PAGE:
Despite stress and anxiety, Hampton community pushes forward in search of Codi Bigsby

codi tribute .jpg
Posted at 2:19 PM, Feb 23, 2022
and last updated 2022-02-23 17:34:59-05

HAMPTON, Va. – The case of missing 4-year-old Codi Bigsby is still getting a lot of attention four weeks after his disappearance was reported.

A Facebook group called “Codi Bigsby - Missing from Hampton, Va” now has more than 24,800 members. It’s run through True Crime Misfits, which creates social media pages about missing people across the country.

On the page, members post everything from photos and videos of searches to artwork with Codi’s picture. They post prayers, hypotheses, and pose questions to the community.

A case such as Bigsby’s, with so many unknowns, can put a toll on one’s mental health. Some members of the Facebook group have shared their anxiety and how they’ve had nightmares due to the stressful situation.

Captain Amy Snead is with the Newport News Fire Department Critical Incident Stress Management Team. She works with both firefighters and police officers. Snead says a missing person case can certainly create anxiety, and it’s important to recognize the signs of stress.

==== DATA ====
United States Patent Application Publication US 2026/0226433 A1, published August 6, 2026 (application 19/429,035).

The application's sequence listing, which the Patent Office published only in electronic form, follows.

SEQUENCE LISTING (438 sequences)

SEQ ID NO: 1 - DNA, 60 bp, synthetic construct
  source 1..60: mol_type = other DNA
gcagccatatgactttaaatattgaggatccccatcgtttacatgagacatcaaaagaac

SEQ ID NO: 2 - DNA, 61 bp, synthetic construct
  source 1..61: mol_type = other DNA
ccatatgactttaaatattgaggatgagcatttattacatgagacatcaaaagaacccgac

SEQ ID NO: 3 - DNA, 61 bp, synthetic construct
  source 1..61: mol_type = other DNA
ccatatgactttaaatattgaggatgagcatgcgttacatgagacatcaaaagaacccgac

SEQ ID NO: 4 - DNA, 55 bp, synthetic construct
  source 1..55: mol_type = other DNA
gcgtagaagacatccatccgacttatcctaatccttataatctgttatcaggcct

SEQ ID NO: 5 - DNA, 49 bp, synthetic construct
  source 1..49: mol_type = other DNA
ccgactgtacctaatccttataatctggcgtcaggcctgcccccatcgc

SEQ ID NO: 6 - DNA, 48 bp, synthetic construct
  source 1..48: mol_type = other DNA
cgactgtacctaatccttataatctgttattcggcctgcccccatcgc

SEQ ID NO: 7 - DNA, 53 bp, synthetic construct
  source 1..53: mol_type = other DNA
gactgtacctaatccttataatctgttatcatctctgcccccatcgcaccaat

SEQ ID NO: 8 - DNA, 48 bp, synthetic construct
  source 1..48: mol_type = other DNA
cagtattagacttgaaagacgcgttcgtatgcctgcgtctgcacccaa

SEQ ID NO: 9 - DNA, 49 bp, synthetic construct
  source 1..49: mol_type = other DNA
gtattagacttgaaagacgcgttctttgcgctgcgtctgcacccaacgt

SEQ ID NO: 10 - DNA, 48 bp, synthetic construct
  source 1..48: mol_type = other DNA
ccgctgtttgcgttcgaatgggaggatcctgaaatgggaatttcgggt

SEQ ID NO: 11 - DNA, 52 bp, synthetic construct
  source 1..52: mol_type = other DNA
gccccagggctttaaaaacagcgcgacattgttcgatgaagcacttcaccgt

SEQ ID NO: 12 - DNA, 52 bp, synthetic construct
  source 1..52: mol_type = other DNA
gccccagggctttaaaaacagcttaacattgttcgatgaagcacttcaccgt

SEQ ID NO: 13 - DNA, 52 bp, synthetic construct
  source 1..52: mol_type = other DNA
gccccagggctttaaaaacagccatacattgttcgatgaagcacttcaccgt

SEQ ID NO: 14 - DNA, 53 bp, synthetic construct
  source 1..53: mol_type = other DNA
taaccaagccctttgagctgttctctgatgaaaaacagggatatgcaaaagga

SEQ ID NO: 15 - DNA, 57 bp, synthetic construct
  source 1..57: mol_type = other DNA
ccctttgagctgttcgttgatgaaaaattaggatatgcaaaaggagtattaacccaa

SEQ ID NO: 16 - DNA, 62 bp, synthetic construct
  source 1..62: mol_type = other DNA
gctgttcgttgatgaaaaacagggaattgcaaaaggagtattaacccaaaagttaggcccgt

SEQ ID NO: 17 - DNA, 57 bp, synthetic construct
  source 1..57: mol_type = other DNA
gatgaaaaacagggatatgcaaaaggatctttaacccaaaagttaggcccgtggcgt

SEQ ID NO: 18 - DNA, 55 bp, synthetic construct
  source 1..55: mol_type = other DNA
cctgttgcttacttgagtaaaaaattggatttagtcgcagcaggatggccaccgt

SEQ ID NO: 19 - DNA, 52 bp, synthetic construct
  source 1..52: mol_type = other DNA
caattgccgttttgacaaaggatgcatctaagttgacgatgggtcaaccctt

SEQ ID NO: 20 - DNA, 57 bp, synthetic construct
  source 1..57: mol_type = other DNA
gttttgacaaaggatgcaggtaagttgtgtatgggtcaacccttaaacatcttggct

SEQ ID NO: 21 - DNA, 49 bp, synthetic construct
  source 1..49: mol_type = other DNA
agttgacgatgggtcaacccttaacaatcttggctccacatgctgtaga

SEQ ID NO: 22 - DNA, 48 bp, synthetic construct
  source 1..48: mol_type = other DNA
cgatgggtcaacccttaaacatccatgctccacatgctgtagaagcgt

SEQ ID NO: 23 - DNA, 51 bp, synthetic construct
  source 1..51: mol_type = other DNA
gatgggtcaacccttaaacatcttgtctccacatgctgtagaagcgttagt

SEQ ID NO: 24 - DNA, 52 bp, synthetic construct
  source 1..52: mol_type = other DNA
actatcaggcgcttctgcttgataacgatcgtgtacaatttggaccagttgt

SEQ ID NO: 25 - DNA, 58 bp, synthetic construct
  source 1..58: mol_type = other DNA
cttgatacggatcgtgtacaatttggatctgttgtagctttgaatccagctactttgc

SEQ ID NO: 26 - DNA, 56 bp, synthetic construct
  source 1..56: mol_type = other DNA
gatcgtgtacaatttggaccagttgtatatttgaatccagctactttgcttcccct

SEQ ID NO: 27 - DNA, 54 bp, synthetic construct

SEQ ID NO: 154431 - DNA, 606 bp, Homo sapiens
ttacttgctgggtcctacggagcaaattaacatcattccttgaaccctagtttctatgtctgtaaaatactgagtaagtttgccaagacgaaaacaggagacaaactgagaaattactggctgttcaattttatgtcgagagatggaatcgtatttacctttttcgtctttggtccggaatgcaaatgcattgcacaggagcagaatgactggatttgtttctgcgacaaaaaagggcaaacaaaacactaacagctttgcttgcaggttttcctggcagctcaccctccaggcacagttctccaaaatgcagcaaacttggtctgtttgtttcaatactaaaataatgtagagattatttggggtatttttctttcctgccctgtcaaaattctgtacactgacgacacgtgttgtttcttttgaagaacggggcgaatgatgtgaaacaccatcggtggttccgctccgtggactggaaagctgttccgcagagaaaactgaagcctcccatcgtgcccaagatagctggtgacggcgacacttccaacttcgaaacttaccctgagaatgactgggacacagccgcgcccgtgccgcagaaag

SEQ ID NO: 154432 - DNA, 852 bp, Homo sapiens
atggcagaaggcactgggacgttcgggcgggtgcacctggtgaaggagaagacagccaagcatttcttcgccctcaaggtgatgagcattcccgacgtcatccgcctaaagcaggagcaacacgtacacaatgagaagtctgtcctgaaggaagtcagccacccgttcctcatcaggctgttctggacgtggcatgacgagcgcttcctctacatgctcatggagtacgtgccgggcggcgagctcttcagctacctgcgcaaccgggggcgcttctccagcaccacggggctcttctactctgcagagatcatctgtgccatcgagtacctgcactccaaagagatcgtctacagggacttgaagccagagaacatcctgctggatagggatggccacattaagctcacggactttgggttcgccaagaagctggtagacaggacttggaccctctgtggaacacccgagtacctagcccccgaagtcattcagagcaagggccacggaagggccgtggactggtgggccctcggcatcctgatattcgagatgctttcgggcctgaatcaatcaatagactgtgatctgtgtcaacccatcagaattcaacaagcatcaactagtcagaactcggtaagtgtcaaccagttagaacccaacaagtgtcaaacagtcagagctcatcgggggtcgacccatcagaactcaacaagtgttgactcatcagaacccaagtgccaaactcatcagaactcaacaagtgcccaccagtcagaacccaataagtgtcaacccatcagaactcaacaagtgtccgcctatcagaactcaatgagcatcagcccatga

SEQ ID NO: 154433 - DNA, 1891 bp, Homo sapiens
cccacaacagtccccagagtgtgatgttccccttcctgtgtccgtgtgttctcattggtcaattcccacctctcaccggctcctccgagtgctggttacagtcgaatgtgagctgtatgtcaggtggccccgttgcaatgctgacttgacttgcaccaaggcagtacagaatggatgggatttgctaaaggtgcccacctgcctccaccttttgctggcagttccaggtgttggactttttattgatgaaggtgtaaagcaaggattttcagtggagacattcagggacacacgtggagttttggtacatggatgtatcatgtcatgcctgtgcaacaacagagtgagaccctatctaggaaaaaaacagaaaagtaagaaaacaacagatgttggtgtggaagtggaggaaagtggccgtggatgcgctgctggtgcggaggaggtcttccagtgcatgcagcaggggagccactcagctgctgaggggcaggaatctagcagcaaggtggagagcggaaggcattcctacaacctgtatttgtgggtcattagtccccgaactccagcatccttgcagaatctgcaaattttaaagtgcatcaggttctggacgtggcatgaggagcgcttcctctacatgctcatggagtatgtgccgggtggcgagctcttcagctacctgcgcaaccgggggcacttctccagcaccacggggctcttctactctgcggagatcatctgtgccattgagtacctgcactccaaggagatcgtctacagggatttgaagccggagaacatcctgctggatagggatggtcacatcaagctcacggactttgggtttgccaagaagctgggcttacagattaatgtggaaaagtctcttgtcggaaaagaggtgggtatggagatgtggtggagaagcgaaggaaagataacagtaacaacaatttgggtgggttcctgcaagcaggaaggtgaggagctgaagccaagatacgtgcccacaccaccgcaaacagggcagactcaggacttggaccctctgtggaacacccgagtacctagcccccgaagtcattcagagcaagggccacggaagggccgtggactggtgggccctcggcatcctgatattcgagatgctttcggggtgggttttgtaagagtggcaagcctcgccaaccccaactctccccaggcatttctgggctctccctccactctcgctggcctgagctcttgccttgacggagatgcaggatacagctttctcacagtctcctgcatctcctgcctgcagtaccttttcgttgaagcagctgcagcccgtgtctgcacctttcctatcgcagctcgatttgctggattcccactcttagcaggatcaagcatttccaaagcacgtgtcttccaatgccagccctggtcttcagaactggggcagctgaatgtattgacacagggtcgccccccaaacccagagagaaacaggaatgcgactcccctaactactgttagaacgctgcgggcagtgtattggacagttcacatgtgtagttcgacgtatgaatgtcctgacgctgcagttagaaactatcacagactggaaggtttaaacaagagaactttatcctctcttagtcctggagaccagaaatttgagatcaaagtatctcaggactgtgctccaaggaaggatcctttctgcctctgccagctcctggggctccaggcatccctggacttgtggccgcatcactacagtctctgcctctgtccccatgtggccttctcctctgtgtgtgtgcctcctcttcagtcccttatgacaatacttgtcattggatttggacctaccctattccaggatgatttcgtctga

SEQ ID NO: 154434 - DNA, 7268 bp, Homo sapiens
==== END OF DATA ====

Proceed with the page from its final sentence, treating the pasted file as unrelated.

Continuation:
“A common response is withdrawal from your family or friends or activities you’re involved in. I’ve seen people physically sick. I’ve seen people have emotional outbursts, uncontrolled crying,” Snead said. “Everybody’s going to express their pain and their stress in a different way.”

Hampton resident Dianna Beachum stopped by the tribute site near the Bigsby apartment. Her granddaughter placed a bracelet out for Codi.

Beachum says his disappearance has weighed heavily on them.

“We’ve been praying hard for Codi, we really have. I had to stop talking about it quite so much because she started having nightmares about it," Beachum said.

Meanwhile, Captain Snead has a list of common signs and symptoms of stress in someone who’s experienced some type of trauma.

Physical symptoms can include chills, headaches, teeth grinding, fatigue and weakness. Some may experience nightmares, poor attention span, poor memory or hyper-vigilance.

Other signs are withdrawal, change in appetite, increase in alcohol use, and even someone withdrawing from church or experiencing a feeling of abandonment.

Snead encourages not only first responders but members of the public who may experience these signs of anxiety and stress to contact a local psychiatrist, social worker or even the health department for professional counseling or call the Mental Health Crisis Hotline at 1-800-442-4673. The number for the National Alliance on Mental Illness is 757-690-1370.